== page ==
The Government has welcomed new rules to clamp down on misleading ads for cosmetic products as part of its drive to stamp out the use of perfect "body images".
Last week, CAP and BCAP issued new guidance following pressure from ministers and the Advertising Standards Authority, which has had a growing number of complaints from the public.
Deemed "likely to mislead" are "before and after" images where only the "after" image had used pre-production techniques; the use of unnatural eyelash inserts; retouching, such as removing lines and wrinkles; and the excessive use of hair extensions or inserts.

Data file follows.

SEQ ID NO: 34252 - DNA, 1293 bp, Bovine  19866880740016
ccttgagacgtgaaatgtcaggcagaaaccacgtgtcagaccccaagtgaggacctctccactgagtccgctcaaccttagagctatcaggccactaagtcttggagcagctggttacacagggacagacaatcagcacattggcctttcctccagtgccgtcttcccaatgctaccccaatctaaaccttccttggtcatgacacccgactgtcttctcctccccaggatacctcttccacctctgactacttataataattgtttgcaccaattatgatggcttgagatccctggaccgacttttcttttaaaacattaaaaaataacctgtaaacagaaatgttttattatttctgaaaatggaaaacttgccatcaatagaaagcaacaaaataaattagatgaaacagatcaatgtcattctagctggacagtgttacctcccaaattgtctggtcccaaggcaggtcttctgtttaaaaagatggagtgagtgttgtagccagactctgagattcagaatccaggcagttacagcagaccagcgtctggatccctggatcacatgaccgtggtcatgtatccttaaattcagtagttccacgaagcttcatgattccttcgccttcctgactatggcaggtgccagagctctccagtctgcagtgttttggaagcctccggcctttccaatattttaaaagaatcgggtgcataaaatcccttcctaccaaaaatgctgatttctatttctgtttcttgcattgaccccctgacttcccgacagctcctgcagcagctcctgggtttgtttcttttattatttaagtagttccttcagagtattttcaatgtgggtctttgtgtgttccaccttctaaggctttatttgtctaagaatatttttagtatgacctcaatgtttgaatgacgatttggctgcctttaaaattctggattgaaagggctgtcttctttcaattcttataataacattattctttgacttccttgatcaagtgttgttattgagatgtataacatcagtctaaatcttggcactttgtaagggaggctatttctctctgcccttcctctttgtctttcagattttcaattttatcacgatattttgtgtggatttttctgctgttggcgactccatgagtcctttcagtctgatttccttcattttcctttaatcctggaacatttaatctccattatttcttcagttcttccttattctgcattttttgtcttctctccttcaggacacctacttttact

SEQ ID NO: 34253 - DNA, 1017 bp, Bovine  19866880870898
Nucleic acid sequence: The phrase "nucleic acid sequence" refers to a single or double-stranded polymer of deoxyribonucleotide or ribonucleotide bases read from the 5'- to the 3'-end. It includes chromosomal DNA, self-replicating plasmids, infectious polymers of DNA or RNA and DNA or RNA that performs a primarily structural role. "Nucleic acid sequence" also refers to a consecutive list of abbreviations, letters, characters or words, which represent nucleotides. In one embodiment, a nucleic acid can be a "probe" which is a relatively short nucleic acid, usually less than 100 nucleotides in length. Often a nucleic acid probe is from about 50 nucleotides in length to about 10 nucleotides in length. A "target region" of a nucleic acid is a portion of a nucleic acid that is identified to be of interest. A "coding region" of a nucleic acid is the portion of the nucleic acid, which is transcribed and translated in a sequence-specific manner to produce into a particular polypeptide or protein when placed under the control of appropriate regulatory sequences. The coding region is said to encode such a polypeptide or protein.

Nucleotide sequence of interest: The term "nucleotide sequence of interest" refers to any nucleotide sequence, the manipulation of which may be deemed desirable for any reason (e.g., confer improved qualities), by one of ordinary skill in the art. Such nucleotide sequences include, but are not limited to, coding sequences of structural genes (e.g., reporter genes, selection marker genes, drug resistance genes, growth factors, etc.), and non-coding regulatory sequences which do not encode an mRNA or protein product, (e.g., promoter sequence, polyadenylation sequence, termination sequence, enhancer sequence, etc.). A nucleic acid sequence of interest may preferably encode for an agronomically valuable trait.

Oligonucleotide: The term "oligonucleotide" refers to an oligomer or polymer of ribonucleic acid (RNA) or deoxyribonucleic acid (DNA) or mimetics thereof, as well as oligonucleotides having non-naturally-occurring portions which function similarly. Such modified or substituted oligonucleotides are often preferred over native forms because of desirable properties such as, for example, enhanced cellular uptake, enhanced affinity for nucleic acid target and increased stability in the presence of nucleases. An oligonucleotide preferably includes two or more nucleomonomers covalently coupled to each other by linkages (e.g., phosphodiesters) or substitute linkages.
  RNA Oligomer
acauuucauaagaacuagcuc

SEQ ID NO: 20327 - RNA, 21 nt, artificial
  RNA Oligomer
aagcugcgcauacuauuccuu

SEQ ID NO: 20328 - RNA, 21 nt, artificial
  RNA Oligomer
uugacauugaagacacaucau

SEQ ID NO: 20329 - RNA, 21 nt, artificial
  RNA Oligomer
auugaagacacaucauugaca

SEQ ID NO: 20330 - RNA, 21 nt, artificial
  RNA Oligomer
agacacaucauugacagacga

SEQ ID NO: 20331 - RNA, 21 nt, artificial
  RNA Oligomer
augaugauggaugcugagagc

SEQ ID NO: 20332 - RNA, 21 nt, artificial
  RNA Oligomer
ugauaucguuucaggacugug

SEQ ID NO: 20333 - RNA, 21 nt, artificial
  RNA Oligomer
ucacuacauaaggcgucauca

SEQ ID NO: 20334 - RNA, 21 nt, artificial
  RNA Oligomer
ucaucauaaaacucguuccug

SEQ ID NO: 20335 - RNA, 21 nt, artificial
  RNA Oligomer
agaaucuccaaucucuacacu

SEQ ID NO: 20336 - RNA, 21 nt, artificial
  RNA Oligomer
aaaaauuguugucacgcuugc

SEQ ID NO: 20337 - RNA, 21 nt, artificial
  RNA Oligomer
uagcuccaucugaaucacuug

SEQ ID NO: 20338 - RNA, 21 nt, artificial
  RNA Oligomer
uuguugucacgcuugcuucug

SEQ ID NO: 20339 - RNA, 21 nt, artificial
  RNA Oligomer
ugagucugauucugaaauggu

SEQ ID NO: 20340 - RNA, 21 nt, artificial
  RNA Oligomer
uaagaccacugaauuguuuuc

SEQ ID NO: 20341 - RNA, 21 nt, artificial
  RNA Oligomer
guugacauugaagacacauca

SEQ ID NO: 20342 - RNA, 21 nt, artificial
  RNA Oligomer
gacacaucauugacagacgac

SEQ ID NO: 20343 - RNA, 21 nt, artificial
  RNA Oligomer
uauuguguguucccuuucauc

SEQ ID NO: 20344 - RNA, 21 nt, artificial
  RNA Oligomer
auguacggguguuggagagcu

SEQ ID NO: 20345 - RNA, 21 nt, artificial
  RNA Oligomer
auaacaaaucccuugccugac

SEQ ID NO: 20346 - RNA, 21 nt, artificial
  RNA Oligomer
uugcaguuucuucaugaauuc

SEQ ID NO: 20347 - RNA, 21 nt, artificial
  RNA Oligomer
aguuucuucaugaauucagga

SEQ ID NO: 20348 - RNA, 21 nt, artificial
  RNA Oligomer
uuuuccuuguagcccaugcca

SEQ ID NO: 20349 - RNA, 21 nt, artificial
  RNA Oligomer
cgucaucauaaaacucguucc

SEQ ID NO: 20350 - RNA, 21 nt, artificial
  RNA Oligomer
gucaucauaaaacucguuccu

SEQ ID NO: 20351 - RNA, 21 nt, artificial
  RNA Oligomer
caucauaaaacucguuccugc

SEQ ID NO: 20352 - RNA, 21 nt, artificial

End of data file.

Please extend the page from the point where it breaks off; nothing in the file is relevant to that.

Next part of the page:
Lynne Featherstone, the Liberal Democrat Home Office minister with responsibility for equalities, said the move was "a step in the right direction. This shows that the ASA is acknowledging the pressure that is mounting about preand post-production techniques and that it understands this is a real issue."
She admitted it was not about the ad industry alone, and called on broadcast media, magazines, the fashion industry, as well as the worlds of sport, education, film and drama, to use diverse images.
Featherstone also argued that it was not just about women and girls: "There are a growing number of men and boys resorting to steroids to give them the perfected male images in men's mags too."
In November 2009, the ASA rejected 13 complaints against a L'Oréal Elvive shampoo ad that featured Cheryl Cole sporting hair extensions.